Another earnings season is getting under way, and according to Thomson Reuters, it may not be a good one. The S&P 500 companies are expected to report a year-over-year profit decline of 4.2% on a revenue decrease of 3.5%. The dividend-adjusted, one-year return for the S&P 500 stands at +2.5%, so if you believe quarterly earnings prospects drive the market, then the S&P 500 is not properly reflecting the current outlook.
As usual, there will be winners and losers, and the stock market’s reactions will not be based on what is reported as much as on what each company has to say about its outlook for the fourth quarter and 2016. The future is more important than the past. However, understanding past results and contributions can still be beneficial.
On a sector basis, Telecommunication Services should be the winner with an expected 11.4% increase in profits. Consumer Discretionary is close behind with an 11.3% gain. Although their profit increases are expected to be nearly identical, the performance results for these two sectors over the past year are quite different. Telecom is showing a one-year decline of 3.4% while Consumer Discretionary is posting a 16.4% gain. One-month returns tell a similar story with Telecom losing 2.4% while Consumer Discretionary gained 2.8%.
It’s obvious that more than just third-quarter earnings estimates are driving stock prices. Three other sectors are expected to announce year-over-year profit gains. These are Financials with a hefty 9.7% jump, Health Care with a 4.3% increase, and Technology making the cut with a 2.5% gain. The Health Care sector has been taking a beating recently, but it hasn’t been due to the upcoming earnings announcements.
This leaves five sectors with excepted profit declines. These include Utilities -2.4%, Consumer Staples -3.3%, Industrials -3.7%, and Materials -15.4%. The magnitude of the shortfall in Materials is much larger than the others mentioned. However, there is still one more on the list, and that is Energy. The Energy sector has been battling falling crude oil prices for a year now, and its year-over-year profit change is expected to be a whopping 64.6% decline.
The Energy sector profit shrinkage is so large that many news outlets are reporting that the S&P third-quarter profits are expected to be +3.2% higher if you exclude Energy. Low cost energy should be a boon for companies in the Utilities and Industrials sectors, but so far that does not appear to be the case. Additionally, prolonged lower oil and gas prices will force the Energy sector to reduce expenses, and that means more layoffs.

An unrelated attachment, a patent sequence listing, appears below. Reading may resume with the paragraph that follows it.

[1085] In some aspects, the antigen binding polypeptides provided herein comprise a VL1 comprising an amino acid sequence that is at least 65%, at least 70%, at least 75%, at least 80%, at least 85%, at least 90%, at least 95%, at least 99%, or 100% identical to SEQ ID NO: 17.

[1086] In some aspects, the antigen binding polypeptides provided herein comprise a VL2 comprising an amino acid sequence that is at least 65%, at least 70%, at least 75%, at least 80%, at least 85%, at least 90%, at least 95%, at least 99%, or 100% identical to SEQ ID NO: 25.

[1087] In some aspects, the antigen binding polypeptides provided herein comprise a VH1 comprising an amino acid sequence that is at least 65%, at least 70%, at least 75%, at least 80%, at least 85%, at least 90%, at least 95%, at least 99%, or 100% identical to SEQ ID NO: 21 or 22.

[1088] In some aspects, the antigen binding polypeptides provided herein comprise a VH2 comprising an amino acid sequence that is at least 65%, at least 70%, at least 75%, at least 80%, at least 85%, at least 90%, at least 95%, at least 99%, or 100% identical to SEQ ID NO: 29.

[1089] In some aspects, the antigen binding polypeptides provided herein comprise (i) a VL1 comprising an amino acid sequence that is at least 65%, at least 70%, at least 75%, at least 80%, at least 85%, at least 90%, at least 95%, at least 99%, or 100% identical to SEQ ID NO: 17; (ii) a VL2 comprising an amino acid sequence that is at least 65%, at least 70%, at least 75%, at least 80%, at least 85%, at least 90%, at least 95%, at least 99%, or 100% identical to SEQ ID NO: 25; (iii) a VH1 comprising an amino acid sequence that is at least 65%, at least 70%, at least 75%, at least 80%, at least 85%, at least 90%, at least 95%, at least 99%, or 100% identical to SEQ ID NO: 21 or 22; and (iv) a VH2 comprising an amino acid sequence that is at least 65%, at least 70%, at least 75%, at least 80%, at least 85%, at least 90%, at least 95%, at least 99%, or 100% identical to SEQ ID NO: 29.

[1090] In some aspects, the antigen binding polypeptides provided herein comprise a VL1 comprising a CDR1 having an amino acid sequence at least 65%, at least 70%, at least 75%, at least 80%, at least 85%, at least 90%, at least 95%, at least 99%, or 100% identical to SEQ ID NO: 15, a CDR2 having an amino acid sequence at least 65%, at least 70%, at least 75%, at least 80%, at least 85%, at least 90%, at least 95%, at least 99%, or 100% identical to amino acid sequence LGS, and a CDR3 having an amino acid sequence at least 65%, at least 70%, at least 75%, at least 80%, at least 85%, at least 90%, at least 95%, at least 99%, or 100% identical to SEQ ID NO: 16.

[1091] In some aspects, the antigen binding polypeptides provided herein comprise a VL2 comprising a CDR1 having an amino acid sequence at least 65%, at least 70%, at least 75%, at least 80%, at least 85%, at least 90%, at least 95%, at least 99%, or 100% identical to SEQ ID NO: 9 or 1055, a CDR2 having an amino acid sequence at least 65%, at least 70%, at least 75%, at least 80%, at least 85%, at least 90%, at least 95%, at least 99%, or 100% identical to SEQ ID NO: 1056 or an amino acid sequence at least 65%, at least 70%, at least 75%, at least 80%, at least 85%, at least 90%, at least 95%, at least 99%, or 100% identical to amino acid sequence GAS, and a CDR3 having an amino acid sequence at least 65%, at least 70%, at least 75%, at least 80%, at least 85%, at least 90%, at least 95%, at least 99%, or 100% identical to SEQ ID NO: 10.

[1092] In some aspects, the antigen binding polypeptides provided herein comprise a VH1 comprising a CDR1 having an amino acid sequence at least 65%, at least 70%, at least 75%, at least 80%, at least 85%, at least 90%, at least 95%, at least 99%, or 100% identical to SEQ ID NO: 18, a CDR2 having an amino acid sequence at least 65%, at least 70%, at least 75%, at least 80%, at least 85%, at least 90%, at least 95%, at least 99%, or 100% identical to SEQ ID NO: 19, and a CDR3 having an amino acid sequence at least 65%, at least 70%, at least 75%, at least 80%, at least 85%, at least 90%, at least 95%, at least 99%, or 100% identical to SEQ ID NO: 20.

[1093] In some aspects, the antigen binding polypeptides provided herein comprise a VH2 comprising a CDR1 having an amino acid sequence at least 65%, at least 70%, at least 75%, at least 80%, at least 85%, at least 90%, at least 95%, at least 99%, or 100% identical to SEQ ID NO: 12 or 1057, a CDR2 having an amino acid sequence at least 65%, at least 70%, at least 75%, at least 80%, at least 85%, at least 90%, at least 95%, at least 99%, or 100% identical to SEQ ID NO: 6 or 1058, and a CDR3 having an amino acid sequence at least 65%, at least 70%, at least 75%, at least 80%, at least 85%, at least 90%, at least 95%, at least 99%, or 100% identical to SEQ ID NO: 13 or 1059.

Three sectors flipped from red to green this week and marks the first time in seven weeks that green pixels have appeared anywhere on these charts. Utilities, Real Estate, and Consumer Staples constitute the trio making this transition, after being the three highest ranked categories a week ago. Real Estate, which will become a formal GICS sector in 2016, has been trying to establish itself as a “defensive” sector during the recent pullback. Historically, Health Care has joined Utilities and Consumer Staples in the defensive classification, but today Health Care is at the bottom of the rankings. This should be a good reminder that historical tendencies do not equate to future guarantees. Consumer Discretionary was also able to hold its same ranking position as last week, but unlike the three higher ranked sectors, it was not able to shed its negative momentum. Technology, Industrials, Energy, and Materials all climbed with Energy posting the largest improvement. Financials, Telecom, and Health Care dropped in the rankings with Telecom falling four places. Health Care only fell two places, but that was probably due to the fact it couldn’t fall any further. Health Care was in first place ten weeks ago, and now finds itself at the bottom in a position it hasn’t occupied in many years.
The style rankings are aligned in their defensive pattern. For style-boxes, taking on a defensive posture means the blue-chip stocks of the Mega-Cap classification are on top with the three Large-Cap categories sitting in second through fourth. This alignment was accomplished by Large-Cap Value and Small-Cap Value swapping places since our prior update. Last week, Small-Cap Value was identified as an anomaly after climbing six places and separating itself from the other small capitalization categories. This week’s changes starts to rectify this anomaly, although it is still visible with Small-Cap Value wedged between two Mid-Cap categories. Small-Cap Blend, Micro-Cap, and Small-Cap Growth constitute the bottom three style categories for the second week running.
The global stock market rally of the past week resulted in improved momentum scores across the board. However, the intermediate-term downtrends were so steep that they all remain negative. The US is at the top for the sixth consecutive week, and World Equity is enjoying its third week in second. The UK climbed three spots, effectively swapping places with Japan. EAFE and the Eurozone exchanged places while remaining sandwiched between the UK and Japan. Emerging Markets inched two spots higher, and it pushed Canada and Pacific ex-Japan each a notch lower in the process. China and Latin America posted big weeks, but they are still on the bottom.
“Definitely China not buying as much raw materials is hurting a lot of these companies.”
– Gregory Harrison, senior research analyst at Thomson Reuters on the outlook for 3Q earnings in the Materials sector
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